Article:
Violation of Georgia Controlled Substances Act
If you were caught possessing an illegal drug in Georgia, you will be charged with a violation of the Georgia Controlled Substance Act (VGCSA). This law can be found in Title 16, Chapter 13 of the Official Code of Georgia, Annotated (O.C.G.A. § 16-13-1 et. seq.) The Act contains numerous statutes, some of which deal with definitions of terms, different drug schedules, punishments for certain offenses, drug related objects, counterfeit drugs, compounds used to manufacture drugs, civil asset forfeiture (where they try to take your vehicle, cash or other property away from you), the conditional discharge (a type of deferred adjudication) as well as the State Board of Pharmacy, prescriptions, medical research, registration requirements, and administrative sanctions for businesses engaged in handling controlled substances. Most criminal charges will arise out of O.C.G.A.§ 16-13-30 or O.C.G.A. § 16-13-31. If you had a large enough quantity of drugs in your possession, government prosecutors might indict you with violation of federal law, which would transfer your case to U.S. District Court rather than the Superior Court in the county in which you were arrested. The Georgia attorneys at Kunes Law Office stand ready to help with your Georgia drug charges by offering a free consult to discuss your rights and options.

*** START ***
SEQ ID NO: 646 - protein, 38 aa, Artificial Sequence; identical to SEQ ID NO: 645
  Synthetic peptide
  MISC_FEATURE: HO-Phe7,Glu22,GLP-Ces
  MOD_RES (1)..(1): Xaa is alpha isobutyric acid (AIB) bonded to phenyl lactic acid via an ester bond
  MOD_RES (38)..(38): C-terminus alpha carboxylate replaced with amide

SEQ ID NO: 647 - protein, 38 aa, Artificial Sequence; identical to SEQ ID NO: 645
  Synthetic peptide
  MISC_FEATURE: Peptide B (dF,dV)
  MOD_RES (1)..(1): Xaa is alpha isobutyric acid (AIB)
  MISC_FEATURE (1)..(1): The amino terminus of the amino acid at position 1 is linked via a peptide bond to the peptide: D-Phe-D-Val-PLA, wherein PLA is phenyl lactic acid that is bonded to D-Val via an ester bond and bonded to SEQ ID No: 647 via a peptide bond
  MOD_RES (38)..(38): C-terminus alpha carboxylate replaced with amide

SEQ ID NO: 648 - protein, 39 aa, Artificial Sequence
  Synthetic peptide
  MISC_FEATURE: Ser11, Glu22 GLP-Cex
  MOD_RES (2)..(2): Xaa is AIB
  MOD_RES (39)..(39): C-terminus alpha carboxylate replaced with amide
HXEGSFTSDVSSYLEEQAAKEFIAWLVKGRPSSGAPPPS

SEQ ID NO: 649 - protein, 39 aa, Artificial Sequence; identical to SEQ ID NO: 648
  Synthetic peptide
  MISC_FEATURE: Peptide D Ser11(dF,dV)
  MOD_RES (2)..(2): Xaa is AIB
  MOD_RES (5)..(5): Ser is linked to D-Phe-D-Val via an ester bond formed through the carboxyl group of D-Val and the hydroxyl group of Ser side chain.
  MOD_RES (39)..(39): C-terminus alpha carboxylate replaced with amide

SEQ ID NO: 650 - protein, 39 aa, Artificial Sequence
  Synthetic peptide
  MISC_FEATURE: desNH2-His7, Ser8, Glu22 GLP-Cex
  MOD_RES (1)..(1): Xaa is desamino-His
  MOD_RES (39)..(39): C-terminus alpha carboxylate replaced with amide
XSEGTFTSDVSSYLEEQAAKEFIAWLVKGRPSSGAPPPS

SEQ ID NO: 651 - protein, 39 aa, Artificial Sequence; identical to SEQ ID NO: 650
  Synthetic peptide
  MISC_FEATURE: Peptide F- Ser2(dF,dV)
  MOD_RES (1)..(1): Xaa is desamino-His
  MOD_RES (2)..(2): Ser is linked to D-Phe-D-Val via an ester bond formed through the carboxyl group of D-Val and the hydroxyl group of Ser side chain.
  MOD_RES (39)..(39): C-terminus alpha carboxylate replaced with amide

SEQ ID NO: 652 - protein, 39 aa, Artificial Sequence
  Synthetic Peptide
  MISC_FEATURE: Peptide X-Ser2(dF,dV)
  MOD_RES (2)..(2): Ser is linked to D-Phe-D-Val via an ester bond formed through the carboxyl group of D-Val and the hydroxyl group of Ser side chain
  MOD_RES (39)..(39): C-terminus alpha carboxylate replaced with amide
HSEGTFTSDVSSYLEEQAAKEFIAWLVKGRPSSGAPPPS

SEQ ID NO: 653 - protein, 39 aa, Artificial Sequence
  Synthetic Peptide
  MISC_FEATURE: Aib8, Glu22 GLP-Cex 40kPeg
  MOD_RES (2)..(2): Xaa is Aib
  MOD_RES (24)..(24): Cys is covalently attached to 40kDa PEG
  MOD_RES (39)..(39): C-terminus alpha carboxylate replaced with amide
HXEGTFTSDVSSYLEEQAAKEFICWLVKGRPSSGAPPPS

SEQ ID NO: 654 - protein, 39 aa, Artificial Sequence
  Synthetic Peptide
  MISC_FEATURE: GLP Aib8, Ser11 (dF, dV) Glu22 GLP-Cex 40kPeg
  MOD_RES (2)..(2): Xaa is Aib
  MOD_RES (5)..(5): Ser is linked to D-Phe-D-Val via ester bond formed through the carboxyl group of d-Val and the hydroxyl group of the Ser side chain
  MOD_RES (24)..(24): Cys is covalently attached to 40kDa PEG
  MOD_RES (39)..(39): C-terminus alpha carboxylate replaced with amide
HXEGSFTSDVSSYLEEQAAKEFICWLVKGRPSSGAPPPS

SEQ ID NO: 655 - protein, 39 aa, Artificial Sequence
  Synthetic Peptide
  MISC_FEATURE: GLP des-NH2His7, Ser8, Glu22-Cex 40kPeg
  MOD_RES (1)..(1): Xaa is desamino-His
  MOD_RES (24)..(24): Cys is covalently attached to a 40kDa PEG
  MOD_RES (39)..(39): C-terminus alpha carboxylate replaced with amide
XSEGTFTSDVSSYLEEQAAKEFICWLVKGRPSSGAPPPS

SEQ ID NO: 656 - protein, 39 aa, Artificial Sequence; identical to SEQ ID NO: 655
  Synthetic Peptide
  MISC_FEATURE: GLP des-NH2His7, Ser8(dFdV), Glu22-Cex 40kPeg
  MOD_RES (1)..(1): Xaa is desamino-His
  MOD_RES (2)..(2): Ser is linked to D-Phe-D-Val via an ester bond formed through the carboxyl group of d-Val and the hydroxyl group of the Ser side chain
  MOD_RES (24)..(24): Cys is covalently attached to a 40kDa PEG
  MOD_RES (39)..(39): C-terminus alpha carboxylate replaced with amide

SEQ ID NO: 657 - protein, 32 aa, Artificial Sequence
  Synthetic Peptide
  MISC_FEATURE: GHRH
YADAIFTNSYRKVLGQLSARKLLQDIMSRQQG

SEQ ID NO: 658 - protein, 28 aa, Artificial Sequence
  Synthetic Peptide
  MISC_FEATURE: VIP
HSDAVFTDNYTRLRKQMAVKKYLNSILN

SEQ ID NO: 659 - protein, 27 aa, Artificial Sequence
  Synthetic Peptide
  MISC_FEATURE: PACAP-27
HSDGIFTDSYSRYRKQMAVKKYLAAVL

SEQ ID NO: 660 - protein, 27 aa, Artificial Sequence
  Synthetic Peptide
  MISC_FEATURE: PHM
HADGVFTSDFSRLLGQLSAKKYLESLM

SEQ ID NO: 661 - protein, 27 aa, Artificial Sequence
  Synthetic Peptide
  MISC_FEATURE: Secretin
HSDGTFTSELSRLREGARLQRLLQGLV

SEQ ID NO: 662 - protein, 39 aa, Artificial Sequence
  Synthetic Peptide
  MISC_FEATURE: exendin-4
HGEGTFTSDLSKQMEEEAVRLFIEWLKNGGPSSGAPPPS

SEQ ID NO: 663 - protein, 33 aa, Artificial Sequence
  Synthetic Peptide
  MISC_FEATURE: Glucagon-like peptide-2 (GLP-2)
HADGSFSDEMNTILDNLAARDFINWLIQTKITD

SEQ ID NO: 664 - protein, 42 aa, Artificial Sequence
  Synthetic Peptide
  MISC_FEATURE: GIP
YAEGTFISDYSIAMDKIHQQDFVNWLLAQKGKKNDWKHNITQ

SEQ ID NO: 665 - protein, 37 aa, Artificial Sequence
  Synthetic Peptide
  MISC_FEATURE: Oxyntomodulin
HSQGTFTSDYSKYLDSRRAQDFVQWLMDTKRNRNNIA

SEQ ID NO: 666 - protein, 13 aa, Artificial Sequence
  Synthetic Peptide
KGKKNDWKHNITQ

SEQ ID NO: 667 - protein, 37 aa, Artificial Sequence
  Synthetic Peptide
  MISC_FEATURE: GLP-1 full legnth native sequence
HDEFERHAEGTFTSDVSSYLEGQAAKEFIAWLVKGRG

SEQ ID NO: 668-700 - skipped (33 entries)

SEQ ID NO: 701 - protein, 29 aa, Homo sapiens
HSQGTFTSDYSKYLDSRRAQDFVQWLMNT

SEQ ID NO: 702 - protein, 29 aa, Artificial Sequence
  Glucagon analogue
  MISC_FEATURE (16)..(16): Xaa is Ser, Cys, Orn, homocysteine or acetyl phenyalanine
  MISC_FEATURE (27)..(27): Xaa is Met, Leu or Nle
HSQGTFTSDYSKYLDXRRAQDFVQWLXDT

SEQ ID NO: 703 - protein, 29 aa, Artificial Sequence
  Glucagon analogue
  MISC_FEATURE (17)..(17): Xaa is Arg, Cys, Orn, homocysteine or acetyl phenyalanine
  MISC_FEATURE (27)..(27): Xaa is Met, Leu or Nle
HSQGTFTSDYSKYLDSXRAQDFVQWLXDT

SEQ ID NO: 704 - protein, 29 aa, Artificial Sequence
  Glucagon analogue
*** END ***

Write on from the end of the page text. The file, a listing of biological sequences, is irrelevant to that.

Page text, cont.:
The Georgia Bureau of Investigations has a program to train police officers to identify marijuana, so that these samples don’t have to be sent to the crime lab. In fact, the GBI has recieved an award for this cost cutting program: https://dofs-gbi.georgia.gov/gbi-receives-national-award-marijuana-testing-100509
They are proud that marijuana testing by the crime lab has been reduced by 98%. What they don’t tell you is that they have replaced the scientific Gas Chromatography/Mass Spectrometry (GC/MS) testing with a series of tests that are superficial and prone to false positives. Drug defense attorney Patrick Kunes knows about the Duquenois-Levine Reagent, Microscopy, and Fast Blue B testing. He understands that these tests are not selective, in that they do not exclude all other possible substances. Patrick knows how to expose these tests as flawed according to GBI’s own protocol. If you have not verbally identified the leafy green substance as marijuana, then he knows how to attack the alleged identification by the State at trial.
It is important to discuss your case with a qualified drug defense attorney who can explain the law as well as local prosecutors’ and judges’ attitudes towards drug offenders. Call Patrick Kunes today at (229) 382-4900 for a free consultation.